Aussies heading to Bali could be forced to pay an extra $150 as the holiday island appears to discourage ‘cheap tourists’ with a new tax
- Vacationers to Bali may soon have to pay an additional $150
- Tax is intended to raise the quality of the island’s visitors
Australians holidaying in Bali could soon be hit with an additional $150 fee as the Indonesian government considers a ‘tourist tax’ to discourage unruly behaviour.
The tax being considered by President Joko Widodo’s government would be between $45 and $150 and would have the dual effect of increasing the island’s revenue and increasing the level of visitors.
The holiday hotspot relies on foreign money, but after a few quiet years, Indonesians seem to be losing patience with rambunctious tourists flocking back to their shores post-Covid.
“Tourist tax revenues would help fund a range of measures and prevent Bali from being known only as a low-cost destination,” said Bali Tourism Board chairman Ida Bagus Agung Partha Adnyana.
‘Cheap destinations attract cheap tourists who often cause a lot of problems.’
Tourists wishing to travel to Bali (pictured) may be forced to pay an additional $150 in tourist tax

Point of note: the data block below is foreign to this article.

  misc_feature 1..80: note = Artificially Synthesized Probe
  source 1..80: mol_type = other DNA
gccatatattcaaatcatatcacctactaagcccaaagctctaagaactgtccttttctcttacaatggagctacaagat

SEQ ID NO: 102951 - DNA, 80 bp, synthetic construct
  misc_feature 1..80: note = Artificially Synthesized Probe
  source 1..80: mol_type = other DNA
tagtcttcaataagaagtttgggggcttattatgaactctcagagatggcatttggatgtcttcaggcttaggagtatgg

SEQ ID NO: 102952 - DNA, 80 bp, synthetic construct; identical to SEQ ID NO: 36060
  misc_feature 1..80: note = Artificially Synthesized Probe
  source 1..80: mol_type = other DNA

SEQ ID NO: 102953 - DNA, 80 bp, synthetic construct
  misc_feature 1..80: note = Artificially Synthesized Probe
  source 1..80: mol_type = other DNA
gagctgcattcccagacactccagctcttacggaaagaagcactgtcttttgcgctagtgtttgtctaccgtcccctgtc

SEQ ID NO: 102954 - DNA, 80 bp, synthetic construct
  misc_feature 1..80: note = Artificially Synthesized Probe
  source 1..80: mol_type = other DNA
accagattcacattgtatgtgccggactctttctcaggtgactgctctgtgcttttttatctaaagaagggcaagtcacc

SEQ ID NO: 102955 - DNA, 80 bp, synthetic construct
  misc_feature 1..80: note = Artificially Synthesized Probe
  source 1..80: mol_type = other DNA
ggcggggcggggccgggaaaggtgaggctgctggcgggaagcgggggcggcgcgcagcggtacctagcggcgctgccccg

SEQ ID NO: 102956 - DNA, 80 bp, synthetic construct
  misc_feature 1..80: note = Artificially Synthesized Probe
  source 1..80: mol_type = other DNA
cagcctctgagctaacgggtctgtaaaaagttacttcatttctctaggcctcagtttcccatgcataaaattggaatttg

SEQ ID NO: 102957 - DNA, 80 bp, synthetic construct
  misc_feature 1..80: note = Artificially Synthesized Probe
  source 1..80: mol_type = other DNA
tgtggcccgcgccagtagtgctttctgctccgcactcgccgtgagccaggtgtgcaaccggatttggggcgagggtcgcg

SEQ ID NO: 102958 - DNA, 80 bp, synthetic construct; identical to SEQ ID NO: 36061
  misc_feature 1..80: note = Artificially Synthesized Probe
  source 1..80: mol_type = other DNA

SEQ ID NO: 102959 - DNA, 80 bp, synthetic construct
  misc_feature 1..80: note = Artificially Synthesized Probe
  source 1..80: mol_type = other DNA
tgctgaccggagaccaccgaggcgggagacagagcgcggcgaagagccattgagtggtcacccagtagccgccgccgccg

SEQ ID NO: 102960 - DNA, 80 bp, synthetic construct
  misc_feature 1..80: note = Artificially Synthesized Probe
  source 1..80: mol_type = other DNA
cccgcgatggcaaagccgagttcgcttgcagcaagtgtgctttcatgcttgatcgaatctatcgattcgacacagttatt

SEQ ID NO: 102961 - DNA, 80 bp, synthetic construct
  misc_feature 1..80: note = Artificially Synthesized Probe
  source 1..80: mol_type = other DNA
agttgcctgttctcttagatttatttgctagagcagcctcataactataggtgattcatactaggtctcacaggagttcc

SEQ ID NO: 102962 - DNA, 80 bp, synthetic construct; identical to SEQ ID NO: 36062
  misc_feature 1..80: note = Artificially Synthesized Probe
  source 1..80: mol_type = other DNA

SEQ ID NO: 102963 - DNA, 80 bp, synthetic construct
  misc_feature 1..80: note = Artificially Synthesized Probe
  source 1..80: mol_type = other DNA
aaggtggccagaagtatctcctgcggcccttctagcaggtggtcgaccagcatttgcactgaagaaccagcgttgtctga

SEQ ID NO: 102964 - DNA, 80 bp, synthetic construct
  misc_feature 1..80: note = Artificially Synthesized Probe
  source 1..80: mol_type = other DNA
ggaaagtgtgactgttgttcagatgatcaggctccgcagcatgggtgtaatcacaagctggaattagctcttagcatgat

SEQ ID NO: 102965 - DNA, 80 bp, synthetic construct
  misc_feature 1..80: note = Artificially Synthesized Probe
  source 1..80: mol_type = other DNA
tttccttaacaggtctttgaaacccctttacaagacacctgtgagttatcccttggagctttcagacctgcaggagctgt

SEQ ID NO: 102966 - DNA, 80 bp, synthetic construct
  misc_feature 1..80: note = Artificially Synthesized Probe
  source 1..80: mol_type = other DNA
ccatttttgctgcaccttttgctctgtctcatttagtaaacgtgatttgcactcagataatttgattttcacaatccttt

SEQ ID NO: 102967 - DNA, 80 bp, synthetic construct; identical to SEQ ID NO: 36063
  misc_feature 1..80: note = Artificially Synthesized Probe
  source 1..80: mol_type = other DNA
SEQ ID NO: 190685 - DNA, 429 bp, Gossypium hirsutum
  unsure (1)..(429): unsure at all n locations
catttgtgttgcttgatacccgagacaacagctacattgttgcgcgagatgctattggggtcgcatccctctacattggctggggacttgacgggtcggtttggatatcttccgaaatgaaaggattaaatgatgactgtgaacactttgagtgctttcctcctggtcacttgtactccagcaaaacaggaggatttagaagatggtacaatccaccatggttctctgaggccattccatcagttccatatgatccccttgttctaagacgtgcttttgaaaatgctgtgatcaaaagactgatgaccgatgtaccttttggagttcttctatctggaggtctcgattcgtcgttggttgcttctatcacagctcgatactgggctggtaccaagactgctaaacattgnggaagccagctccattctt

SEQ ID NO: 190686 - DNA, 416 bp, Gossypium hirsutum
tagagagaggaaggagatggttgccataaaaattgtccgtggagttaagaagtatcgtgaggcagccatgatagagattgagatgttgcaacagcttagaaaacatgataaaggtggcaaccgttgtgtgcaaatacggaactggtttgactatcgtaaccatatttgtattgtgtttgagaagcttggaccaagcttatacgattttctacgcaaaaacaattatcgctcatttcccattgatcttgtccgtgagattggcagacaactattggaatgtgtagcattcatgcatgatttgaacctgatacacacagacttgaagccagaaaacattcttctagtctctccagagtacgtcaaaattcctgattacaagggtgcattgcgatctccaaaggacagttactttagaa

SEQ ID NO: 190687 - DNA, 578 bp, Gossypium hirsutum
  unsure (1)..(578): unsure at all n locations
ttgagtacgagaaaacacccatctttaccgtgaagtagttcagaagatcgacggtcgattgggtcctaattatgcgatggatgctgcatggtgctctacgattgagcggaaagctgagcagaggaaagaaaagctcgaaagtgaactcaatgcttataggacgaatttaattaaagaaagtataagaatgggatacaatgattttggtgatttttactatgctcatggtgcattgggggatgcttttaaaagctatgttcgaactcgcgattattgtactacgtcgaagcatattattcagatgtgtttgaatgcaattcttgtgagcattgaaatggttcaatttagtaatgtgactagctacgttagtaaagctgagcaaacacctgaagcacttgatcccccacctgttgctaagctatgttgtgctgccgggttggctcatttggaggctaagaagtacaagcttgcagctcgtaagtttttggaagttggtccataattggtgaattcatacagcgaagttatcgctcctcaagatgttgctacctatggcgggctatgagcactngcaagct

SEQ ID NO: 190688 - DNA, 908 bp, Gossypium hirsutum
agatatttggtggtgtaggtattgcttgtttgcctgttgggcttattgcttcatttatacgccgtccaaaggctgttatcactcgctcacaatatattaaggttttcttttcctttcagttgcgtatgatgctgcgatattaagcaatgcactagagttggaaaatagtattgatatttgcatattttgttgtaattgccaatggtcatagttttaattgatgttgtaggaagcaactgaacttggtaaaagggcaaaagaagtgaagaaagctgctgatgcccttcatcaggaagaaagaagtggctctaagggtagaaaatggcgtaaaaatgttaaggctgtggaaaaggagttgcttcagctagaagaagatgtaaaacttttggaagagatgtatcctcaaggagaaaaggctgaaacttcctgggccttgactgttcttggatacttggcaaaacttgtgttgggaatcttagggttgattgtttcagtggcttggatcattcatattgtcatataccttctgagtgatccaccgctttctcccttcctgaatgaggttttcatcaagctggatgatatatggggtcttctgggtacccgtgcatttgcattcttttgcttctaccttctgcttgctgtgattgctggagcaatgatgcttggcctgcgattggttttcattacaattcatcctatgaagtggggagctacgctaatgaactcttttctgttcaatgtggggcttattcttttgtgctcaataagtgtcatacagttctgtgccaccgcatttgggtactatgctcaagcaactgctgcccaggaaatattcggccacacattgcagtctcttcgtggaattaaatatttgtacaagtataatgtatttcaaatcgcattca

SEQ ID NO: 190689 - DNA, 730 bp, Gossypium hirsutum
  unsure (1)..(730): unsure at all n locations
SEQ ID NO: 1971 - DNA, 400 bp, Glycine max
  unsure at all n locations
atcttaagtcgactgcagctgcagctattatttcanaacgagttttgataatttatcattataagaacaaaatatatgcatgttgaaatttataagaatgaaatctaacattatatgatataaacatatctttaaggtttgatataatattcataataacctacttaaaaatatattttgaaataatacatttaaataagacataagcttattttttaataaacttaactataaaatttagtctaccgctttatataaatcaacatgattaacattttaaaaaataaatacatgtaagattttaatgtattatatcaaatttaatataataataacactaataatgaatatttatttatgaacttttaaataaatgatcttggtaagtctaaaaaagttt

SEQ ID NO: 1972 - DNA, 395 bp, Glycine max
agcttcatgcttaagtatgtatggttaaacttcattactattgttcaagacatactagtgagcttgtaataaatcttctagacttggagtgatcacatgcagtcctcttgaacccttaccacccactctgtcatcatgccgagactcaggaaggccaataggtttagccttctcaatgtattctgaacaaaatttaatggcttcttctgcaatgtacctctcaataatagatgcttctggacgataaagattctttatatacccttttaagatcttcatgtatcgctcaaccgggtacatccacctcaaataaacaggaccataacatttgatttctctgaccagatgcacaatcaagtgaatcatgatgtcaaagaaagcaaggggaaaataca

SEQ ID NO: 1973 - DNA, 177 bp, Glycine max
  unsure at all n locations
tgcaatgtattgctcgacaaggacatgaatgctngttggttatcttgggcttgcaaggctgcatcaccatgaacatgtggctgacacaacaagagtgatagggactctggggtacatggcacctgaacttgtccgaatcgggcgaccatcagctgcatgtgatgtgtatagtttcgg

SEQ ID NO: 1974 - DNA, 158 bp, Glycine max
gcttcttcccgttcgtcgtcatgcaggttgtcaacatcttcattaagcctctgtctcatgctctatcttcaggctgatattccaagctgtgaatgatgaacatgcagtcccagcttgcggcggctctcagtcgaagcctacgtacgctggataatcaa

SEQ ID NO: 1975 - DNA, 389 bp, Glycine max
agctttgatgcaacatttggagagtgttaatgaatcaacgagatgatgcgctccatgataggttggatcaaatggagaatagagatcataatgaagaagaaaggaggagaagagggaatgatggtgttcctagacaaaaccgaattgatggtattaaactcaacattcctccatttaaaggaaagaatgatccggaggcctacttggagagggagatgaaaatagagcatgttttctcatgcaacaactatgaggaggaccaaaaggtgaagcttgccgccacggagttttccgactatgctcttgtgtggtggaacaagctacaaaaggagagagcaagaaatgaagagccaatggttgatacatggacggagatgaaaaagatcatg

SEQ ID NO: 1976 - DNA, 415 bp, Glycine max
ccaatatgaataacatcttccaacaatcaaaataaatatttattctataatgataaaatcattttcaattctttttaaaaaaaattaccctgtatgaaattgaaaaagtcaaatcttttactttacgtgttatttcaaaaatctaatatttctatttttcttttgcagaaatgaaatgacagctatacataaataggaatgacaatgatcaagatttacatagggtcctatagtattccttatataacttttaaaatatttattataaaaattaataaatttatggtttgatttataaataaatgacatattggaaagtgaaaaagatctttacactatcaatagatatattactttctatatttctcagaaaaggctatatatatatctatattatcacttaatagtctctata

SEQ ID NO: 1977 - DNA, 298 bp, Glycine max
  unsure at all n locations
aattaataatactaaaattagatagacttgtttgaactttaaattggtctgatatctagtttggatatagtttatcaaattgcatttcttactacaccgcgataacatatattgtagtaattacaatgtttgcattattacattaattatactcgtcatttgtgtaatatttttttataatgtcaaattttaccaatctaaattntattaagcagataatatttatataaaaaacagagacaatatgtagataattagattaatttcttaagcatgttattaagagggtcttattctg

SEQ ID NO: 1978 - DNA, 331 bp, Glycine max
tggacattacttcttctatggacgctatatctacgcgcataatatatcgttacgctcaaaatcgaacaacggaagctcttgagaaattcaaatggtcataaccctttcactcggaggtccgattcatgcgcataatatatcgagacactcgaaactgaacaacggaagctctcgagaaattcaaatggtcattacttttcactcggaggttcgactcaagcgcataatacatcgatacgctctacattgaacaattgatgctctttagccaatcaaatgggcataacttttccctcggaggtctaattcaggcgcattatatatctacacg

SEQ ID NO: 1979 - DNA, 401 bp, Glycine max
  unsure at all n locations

Indonesian officials said the tax would raise the quality of tourists and prevent the island from being seen as a “cheap” destination
Indonesia’s Tourism and Creative Economy Minister Sandiaga Uno confirmed that the tax was under consideration, but said the government was still in the discussion phase.
The levy would apply to all tourists from any country who wish to travel to Bali.
In March, the Bali Tourism Board also announced it was considering other measures to improve visitor behaviour, such as a tourism handbook and billboards around the island explaining what is considered acceptable.
While Bali is less strict than the rest of Indonesia, the country is very conservative with many locals frowning at excessive drinking or scantily clad social media photos at temples.
According to the Indonesian Hotel General Managers Association, foreigners acting as tour guides or renting out scooters, taking money from local businesses, have also become a problem.
In 2023, 101 foreigners have been deported from Bali due to a combination of unacceptable behavior and visa issues.
Russians are the most deported at 27, followed by eight British citizens, seven each from Nigeria and the US, and six from Australia.
In addition to unruly partying and loitering, there have been complaints from tourists disrespecting local temples